Nuclear ban thrown out at the ballot box

The future of Leibstadt, and other nuclear plants, seems secure Keystone

The Swiss have voted to preserve nuclear power, by throwing out two proposals, one of which would have shut down the industry altogether.

This content was published on May 18, 2003

Other issues rejected include equal rights for the disabled, better protection for tenants and proposals to make the rich pay more for health care.

Trends and exit polls from Switzerland's leading research institute, GfS, showed the vote had gone the government's way, in a ballot with the highest number of issues since 1866.

That did not appear to have put voters off, and turnout at 46 per cent was above average.

The cabinet had recommended that voters throw out all seven people's initiatives, and approve only the two referenda issues - reform of the army and civil protection.

The seven initiatives need the double majority of the popular vote and the cantons to pass.

Outright rejection

Voters gave short shrift to both nuclear proposals - one on a total ban, the other on extending an existing moratorium on building new plants.

They also dismissed outright initiatives urging an overhaul of the health insurance system and improved rights for tenants.

Exit polls showed 74 per cent of voters against the healthcare reforms, and 71 per cent opposed to the tenants' initiative.

The Social Democrat-backed health care initiative, which wants to link premiums to income and personal wealth, was always seen as controversial.

Political analyst Hans Hirter told swissinfo that although the proposals had popular support, the required overhaul of the health insurance system would probably prove too dramatic for most Swiss.

Disabled rights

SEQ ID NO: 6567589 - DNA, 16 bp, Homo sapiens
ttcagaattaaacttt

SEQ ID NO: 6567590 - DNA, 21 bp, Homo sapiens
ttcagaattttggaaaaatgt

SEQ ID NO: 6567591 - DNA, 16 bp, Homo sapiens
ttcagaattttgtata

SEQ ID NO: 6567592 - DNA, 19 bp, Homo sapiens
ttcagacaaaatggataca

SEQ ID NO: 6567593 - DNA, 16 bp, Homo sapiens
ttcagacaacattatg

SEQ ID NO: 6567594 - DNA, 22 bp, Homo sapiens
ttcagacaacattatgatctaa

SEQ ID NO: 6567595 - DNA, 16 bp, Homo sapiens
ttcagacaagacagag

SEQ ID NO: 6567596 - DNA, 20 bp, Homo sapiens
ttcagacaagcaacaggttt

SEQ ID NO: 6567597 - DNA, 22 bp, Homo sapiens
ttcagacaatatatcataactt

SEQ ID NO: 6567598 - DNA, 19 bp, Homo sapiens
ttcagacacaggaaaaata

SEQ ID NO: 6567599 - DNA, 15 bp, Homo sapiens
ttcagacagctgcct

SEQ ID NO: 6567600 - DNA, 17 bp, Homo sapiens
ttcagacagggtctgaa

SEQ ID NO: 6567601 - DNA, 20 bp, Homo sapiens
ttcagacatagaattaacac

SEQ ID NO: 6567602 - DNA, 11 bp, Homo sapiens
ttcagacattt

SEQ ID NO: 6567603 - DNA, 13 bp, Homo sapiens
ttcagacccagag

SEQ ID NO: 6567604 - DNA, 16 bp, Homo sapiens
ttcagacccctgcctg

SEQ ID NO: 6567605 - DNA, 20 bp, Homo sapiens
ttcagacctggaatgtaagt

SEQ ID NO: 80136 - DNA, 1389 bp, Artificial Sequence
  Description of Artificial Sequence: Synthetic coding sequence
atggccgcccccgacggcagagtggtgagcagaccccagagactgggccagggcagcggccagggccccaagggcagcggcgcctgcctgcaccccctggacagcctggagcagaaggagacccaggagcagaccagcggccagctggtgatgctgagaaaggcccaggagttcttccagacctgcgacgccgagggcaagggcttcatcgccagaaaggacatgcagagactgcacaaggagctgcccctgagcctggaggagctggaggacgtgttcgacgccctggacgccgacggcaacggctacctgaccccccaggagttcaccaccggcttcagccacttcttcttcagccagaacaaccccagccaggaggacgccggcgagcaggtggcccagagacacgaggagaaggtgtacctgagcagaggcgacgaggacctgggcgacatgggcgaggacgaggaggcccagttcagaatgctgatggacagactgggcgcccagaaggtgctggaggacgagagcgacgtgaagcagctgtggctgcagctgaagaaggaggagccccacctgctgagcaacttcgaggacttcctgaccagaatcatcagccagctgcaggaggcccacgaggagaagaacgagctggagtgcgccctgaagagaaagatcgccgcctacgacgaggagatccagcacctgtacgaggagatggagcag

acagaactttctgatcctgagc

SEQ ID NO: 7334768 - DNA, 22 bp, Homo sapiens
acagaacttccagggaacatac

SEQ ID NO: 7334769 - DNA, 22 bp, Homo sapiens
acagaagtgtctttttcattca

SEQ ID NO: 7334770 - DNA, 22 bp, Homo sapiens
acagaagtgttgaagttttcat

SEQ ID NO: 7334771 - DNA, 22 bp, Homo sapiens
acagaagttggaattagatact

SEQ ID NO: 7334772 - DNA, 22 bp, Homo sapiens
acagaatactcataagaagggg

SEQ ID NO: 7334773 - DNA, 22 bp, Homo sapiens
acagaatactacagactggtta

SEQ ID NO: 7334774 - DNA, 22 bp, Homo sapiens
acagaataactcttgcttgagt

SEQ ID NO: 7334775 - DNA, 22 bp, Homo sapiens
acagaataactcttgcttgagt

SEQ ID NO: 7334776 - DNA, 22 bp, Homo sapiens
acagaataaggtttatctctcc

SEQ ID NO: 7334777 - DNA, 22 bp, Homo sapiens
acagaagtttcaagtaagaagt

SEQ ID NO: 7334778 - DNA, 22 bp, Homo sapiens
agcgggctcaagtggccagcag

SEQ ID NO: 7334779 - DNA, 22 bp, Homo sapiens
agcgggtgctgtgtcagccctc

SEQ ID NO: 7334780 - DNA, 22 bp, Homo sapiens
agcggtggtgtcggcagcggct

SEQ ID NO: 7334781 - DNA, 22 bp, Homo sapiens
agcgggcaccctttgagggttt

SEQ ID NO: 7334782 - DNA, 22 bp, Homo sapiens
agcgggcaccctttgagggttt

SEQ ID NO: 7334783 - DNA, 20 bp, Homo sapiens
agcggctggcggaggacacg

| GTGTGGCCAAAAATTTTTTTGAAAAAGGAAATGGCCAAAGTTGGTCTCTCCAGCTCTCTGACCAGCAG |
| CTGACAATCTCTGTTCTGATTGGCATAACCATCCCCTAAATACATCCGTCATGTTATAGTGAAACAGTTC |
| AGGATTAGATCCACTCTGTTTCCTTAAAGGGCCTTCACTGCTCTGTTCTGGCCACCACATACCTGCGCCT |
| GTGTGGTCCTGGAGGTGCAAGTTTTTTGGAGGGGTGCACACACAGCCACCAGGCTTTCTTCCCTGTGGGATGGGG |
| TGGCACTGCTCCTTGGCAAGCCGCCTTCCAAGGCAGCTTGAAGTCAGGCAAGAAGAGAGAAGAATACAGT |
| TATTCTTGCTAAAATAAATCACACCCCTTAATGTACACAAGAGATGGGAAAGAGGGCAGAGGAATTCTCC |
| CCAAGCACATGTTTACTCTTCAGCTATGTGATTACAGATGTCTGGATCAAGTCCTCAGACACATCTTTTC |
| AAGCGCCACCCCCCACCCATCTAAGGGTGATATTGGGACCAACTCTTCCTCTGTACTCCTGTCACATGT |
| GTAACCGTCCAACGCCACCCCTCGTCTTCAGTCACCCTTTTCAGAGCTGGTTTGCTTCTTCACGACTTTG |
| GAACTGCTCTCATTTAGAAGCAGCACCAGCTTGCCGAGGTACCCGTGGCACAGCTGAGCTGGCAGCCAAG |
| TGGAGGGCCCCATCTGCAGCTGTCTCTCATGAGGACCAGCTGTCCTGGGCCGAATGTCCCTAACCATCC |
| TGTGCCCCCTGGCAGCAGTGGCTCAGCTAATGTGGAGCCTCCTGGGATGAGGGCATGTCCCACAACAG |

Another controversial issue being decided on Sunday was
the issue of whether to force the government to guarantee the country's 700,000 disabled access to public buildings and transport.

Despite the strong moral argument for granting equality to the disabled, exit polls indicated that 64 per cent had followed the government's recommendations and rejected the proposal.

The cabinet had argued that a "yes" vote would break both federal and cantonal budgets.

According to the exit polls, the government also got its way over the two referenda on army reform and changes to the law on civil protection.

Sixty-six per cent of the electorate voted "yes" to army reform, while 70 per cent gave their backing to the civil protection legislation.

Government recommendations

With so many issues on the ballot paper, Hirter said the government's position would certainly have influenced how some people voted.

He said that studies on voting behaviour showed that the Swiss - particularly those who are less well informed on an issue - tended to follow the government's advice.

"They'll look at what the party they support has to say and at what the government is recommending, and often they'll use that as a guide to how they should vote.

"But if they have strong views on a subject, the influence of the government's stance is far weaker."

The other issues being decided included car-free Sundays and the right to apprenticeships.

swissinfo with agencies

vote summary

Issues included on the May 18 ballot paper:
Equal rights for the disabled.
Extending the moratorium on building and upgrading nuclear plants.
Closing down of nuclear power stations.
Revision of the health law.
Improved rights for tenants.
Car-free Sundays.
Right to apprenticeships.
Revision of the army law.
New proposals for civil protection.

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